Chevron is taking a majority ownership stake in the first-ever project granted a lease to store captured carbon dioxide in the seafloor off the U.S. Gulf Coast, the company announced this week. 

Chevron will join the oil and gas company Talos Energy and the carbon capture and storage developer Carbonvert in a plan to capture carbon dioxide from the smokestacks of industrial facilities in Port Arthur and Beaumont, Texas, and then transport it via pipeline to an offshore tract. There, the greenhouse gas will be pumped into porous formations in the seafloor under state-owned waters. 

Talos and Carbonvert won the lease last August in a competitive bidding process held by the Texas General Land Office, an agency that manages state-owned lands and mineral rights. They named the project Bayou Bend CCS, which stands for “carbon capture and storage.” The lease grants them access to a 40,000-acre expanse in the Gulf that the companies estimate can store 225 million to 275 million metric tons of CO2 total. That’s about 40 percent of the energy-related carbon emissions that Texas emitted in 2019, according to the U.S. Energy Information Administration.

Carbon capture and storage is controversial among climate and environmental justice advocates due to concerns that it will prolong the use of fossil fuels and the life of polluting facilities. However, for some industries, like cement, steel, and chemical production, carbon capture is one of only a few known ways to reduce emissions.

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Companies and state governments are eyeing the Gulf Coast as an ideal location to build up carbon capture infrastructure due to its high concentration of industrial facilities and vast potential to sequester carbon offshore. The Department of Energy estimates that geologic formations in the Gulf of Mexico have the capacity to store hundreds of billions of metric tons of carbon dioxide. Last year, Exxon proposed building a $100 billion carbon capture “hub” in Houston with a mix of public and private money and began discussions with interested partners, including Chevron.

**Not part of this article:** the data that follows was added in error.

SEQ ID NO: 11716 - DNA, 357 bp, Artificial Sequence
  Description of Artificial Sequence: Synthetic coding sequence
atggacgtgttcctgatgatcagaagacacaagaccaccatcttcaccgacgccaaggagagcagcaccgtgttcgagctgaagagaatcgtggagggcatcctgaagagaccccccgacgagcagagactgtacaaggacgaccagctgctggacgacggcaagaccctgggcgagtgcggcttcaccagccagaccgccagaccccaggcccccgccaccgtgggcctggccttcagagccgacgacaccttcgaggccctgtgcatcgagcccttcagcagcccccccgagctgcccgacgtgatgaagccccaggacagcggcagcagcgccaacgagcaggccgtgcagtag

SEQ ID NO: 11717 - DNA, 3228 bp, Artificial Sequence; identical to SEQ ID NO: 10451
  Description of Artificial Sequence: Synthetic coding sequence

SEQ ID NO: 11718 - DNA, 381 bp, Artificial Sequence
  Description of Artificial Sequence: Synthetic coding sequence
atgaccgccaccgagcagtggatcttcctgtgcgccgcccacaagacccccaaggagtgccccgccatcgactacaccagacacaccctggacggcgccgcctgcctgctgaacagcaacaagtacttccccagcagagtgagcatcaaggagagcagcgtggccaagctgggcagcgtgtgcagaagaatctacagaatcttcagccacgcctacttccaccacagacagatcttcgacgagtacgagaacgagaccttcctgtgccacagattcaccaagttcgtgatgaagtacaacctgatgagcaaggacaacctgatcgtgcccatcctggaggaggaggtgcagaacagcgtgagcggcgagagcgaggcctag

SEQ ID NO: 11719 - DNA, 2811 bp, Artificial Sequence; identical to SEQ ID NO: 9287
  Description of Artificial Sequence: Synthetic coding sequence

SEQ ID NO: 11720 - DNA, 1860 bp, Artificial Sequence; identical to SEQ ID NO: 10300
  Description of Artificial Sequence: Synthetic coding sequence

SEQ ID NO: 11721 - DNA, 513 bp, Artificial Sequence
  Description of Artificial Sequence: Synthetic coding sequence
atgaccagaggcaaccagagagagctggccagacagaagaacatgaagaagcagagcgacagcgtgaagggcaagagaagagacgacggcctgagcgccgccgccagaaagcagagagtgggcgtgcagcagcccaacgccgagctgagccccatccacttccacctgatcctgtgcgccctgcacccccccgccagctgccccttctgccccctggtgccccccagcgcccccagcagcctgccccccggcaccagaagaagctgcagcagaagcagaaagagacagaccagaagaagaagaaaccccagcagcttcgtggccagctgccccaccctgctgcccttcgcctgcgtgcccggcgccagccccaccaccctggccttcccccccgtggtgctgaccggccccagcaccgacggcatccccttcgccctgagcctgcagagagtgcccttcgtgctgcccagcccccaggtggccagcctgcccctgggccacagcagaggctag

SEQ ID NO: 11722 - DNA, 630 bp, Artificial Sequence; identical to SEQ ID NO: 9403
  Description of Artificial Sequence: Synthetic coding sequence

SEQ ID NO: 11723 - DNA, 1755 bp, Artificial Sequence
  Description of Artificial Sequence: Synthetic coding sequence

While capturing, transporting, and storing carbon is an expensive endeavor, a U.S. tax credit called 45Q has sweetened the deal, offering up to $50 for every metric ton of carbon permanently sequestered underground. But it’s unclear if that’s enough to make the Bayou Bend project economically viable. There are no state or federal laws that require or encourage companies to capture their emissions, but Chevron may be motivated by the threat of future regulation and increasing pressure from investors to enhance its climate plan. 

A Chevron spokesperson told Axios that the company has properties in the Port Arthur area where carbon could be captured, including its Phillips Chemical plant. The company recently reached a settlement with the U.S. Justice Department to pay a $3 million civil penalty and spend more than $100 million in facility upgrades after that chemical plant, as well as two others in Texas, were found to be spewing harmful pollutants in violation of the Clean Air Act.

Some environmental groups are also concerned about the environmental impacts of pumping carbon into the seafloor. “We oppose offshore CCS until the long-term effects on ocean health and atmospheric carbon levels are better understood,” Luke Metzger, the executive director of Environment Texas, told E&E News.

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The project still has a long way to go before becoming a reality. The companies will need to conduct “extensive site characterization” in order to obtain a permit from the Environmental Protection Agency to drill and operate a well to store carbon. 

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